Last week, I received an email from the American Council for an Energy-Efficient Economy with the headline, Housing, Energy, and Consumer Groups Applaud Senate Opposition to Raising Energy Prices for Americans. “In a bipartisan vote today, the U.S. Senate rejected an amendment to block a federal proposal that will lower household costs by ensuring more new homes are built to up-to-date energy codes.” In other words, the Senate supports a federal proposal to lower household energy costs.
This additional quote hooked me, “Brand-new homes that waste energy saddle their residents with high bills for decades, so up-to-date codes are critical.”
Sadly, the market doesn’t care. I’ve been in the housing and investment arena for a long time. I invested a lot in my home after I purchased it, and there is zero chance I will get those dollars back when I sell. As they say, if you want ROI on home improvement, invest in kitchen and bathroom upgrades.
The infrastructure and efficiency investments I made include:
- A shiny new condensing boiler with reset controls. Speaking of code compliance, I wrote about it a couple of years ago. How’s that for irony?
- Cold climate heat pump rather than central air conditioning only – flex-fuel (i.e., hybrid), load management ready.
- Knee wall insulation.
- A new 2.5-car-plus garage.
- Roof replacement.
- Window replacement.
- Grading so water flows away from the house.
- Facia and trim wrapped with zero-maintenance aluminum.
- Backyard fence.
Wow – after taking inventory and doing some mental math, that was $120k in improvements to protect the asset and decrease energy costs. Will the next buyer give a damn? How many beds and baths, and what do the kitchen appliances look like? Uh, huh? No.
Home valuation is heavily influenced by location (safety, proximity to schools, etc.), number of beds and baths, and the kitchen. Avoided operations and maintenance costs? Not so much. A tiny minority care about energy costs. It’s like a used car. The air conditioning system works today, but will it in a month? The roof doesn’t leak, and the shingles aren’t falling off today, but what about next year? Investments that avoid future surprises – like high energy bills or water dripping through the lighting fixture onto the living room table – are undervalued.
By the way, I’ve learned not to trust inspectors and assessors. They miss blatant facts, so I recommend learning what to look for and then spending a lot of time probing behind the scenes yourself, looking for telltale signs of trouble.
Thinking Like an Investor
As I learned in personal finance class back in college, assets are worth what someone else is willing to pay for them. I’m not talking about commodities but rather stocks and real estate. Commodities have intrinsic value. Markets set their value, and it does not need to be justified. Real estate and stocks come with much more speculation of earnings and value in the future.
For example, I recently chatted with a colleague about cropland prices. Here in the Midwest, rich farmland that can produce high crop yields runs up to $15,000 per acre or maybe even more. It’s insane. How is it insane? An excellent yield for corn may be 250 bushels per acre. The current price is about $4.50 per bushel for a revenue of $1,125 per acre. The revenue alone isn’t even 10% of the purchase price. There is no way that can pencil. Looking at it another way, cash rent for the same farmland is only about $250 per acre, 1.7% of the land’s value. Even in the zero-interest environment of the last decade, you can’t find financing near that rate. Conclusion: there is a ton of extrinsic value in this type of real estate, and the same thing goes for stocks and, to some extent, buildings.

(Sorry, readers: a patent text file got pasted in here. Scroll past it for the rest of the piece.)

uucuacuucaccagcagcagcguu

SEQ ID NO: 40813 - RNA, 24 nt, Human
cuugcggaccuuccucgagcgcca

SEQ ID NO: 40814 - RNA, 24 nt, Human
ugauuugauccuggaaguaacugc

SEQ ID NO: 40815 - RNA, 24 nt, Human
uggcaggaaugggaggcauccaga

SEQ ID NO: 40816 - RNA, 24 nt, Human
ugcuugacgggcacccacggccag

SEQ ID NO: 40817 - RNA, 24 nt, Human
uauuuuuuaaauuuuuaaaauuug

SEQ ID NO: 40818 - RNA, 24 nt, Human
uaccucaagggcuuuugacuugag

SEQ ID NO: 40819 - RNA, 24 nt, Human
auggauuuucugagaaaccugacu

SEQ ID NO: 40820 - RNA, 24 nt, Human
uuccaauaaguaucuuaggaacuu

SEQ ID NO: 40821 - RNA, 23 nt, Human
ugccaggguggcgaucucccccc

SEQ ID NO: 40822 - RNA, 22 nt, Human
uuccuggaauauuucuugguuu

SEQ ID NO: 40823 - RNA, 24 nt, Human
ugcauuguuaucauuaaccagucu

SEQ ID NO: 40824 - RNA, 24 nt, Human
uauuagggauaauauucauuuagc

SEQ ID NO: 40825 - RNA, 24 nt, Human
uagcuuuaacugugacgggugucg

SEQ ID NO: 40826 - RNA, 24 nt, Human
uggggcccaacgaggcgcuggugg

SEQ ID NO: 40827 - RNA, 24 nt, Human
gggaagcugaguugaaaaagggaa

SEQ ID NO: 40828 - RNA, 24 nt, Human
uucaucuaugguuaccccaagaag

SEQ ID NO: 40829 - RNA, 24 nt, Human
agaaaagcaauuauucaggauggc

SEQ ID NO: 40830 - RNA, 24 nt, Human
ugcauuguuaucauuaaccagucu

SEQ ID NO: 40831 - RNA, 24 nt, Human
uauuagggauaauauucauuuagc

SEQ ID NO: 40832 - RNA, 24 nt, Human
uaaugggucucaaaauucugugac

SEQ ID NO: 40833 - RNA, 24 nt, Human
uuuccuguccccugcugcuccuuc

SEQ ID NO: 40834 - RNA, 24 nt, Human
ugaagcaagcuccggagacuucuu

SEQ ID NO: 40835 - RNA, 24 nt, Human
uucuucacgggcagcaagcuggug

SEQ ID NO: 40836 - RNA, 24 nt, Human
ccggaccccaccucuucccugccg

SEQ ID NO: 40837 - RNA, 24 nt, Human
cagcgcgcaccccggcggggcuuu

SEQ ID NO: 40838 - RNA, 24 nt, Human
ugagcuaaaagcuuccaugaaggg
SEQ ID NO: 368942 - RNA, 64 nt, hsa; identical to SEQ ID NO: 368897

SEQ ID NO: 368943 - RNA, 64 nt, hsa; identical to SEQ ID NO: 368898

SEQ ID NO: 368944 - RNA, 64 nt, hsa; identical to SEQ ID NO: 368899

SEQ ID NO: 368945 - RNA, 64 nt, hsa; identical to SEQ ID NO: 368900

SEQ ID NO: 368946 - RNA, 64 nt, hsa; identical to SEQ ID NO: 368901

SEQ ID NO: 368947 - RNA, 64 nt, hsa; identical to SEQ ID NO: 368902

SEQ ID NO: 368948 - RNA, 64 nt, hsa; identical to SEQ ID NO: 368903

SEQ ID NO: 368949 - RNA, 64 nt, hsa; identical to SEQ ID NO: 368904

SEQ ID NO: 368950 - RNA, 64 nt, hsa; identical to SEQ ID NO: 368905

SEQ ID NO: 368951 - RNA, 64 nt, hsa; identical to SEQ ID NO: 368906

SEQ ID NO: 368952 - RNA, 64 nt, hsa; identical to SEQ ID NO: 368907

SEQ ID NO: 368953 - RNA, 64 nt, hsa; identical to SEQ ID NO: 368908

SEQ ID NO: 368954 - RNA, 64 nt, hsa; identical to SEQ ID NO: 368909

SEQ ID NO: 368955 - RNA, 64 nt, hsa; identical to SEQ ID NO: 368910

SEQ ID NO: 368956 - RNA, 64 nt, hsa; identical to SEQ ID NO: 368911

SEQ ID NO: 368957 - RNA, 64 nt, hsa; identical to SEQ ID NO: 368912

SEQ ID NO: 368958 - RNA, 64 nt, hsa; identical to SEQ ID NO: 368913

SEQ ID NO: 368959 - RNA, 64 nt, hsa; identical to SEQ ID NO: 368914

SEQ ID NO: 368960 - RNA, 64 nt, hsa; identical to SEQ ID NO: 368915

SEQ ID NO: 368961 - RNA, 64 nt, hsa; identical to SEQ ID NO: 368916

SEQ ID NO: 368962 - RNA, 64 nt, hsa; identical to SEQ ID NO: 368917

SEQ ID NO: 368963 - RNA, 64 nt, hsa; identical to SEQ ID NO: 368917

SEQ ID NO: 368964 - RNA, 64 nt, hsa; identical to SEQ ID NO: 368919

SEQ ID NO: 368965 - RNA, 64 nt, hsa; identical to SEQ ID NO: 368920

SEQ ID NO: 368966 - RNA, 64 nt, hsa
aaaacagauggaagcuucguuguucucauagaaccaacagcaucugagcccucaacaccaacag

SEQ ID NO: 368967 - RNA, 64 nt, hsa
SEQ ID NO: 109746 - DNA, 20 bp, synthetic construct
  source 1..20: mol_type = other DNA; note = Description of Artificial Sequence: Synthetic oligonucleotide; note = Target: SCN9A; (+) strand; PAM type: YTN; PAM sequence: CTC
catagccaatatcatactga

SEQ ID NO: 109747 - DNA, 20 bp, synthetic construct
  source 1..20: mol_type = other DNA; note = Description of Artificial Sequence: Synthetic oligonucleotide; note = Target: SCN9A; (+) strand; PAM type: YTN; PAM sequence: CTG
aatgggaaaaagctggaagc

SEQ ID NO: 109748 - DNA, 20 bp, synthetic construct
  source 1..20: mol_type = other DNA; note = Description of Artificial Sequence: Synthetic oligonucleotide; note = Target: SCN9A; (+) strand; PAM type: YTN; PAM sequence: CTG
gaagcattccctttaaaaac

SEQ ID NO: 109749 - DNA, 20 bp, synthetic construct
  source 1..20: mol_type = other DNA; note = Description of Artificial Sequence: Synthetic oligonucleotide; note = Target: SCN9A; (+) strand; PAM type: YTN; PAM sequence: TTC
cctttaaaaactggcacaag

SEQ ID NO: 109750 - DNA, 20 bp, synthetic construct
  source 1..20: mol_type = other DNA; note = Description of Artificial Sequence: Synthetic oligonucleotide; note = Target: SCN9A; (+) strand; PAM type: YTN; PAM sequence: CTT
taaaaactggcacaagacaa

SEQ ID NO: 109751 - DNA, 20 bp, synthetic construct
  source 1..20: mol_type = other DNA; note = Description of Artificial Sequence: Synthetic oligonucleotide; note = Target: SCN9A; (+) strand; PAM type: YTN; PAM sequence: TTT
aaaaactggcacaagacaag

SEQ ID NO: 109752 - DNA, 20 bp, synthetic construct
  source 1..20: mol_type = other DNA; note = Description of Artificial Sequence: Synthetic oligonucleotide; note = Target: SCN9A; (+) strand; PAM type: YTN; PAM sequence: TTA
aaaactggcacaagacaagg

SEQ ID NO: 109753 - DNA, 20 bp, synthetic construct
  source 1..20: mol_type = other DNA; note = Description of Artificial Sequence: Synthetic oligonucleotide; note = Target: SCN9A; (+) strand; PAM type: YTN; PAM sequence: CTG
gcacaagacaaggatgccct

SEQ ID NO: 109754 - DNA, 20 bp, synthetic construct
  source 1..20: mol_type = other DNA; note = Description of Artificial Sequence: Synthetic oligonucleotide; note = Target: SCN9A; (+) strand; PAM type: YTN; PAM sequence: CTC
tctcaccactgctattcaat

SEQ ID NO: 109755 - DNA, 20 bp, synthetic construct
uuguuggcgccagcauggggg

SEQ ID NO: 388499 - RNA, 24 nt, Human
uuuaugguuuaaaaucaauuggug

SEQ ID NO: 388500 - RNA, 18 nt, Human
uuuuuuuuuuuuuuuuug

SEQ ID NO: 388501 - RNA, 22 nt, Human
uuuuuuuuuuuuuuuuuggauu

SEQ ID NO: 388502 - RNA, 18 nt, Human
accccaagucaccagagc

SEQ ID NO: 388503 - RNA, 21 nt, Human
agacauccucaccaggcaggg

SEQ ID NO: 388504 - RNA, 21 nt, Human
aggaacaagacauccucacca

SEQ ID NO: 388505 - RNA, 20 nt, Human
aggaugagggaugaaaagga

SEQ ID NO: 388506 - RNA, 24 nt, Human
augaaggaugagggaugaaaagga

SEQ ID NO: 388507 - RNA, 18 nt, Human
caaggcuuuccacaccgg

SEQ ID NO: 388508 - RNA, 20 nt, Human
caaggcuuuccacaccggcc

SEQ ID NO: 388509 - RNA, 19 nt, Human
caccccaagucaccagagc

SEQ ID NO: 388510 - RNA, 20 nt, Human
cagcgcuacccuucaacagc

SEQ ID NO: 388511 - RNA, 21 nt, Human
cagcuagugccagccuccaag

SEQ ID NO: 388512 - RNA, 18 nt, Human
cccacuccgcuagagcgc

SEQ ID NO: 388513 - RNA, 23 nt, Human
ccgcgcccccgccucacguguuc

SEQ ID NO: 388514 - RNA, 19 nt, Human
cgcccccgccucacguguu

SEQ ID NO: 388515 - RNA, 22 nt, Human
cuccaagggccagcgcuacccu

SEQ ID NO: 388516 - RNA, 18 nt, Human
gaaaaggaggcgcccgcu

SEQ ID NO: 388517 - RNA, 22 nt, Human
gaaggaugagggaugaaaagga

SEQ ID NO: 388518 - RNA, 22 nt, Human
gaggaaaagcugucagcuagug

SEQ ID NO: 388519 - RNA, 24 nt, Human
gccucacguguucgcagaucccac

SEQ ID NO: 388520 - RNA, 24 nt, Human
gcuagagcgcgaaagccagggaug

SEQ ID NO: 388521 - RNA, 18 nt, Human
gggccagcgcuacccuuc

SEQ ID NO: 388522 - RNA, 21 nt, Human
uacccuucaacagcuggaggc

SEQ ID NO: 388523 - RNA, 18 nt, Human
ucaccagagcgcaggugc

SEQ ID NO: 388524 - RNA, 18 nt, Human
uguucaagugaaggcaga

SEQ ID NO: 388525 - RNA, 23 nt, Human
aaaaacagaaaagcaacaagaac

Circling back to the ACEEE article, for sure, investors do not care about efficiency in buildings as they finance new developments and flip them to a market that has huge demand and little supply right now.
Another aside: Saturday, as my run wound down, I noticed a line of maybe twenty people at the front door of a home. I thought, what the heck is going on? Did someone die? Is this a wake? Is Elvis in there? No. It was a showing on a home for sale.
Rentals and Leasing
One way to make money on efficiency and investments like I made is to translate them into risk premiums and charge for them. As demonstrated over a decade ago, property owners can get tenants to pay for new appliances, HVAC, and envelope upgrades through the benefits of new appliances and guaranteed caps on utility bills. That leads to a higher cap rate and more cash.
Single Family Homes
Undoubtedly, it is more challenging to monetize efficiency in the market of single-family homes, especially as mortgage payments have soared to a point where utility bills don’t matter – like the split between cropland value and earnings potential through cash rent. As I found with the installation of my boiler, code compliance is an opportunity for new single-family homes. As importantly, homes need to be designed with grid flexibility in mind, especially for peak heating, which can take down the grid.
- Multi-family lease/rental properties need innovative market transformation to decrease costs for tenants and improve cash flow for investors.
- Single-family new home construction needs code compliance assistance and incentives for getting it right.
- All new construction needs incentives for grid resources – storage, load flexibility, and fuel flexibility.
 Rather than addressing symptoms of basement water leakage as some former owners did, fix source of the problem.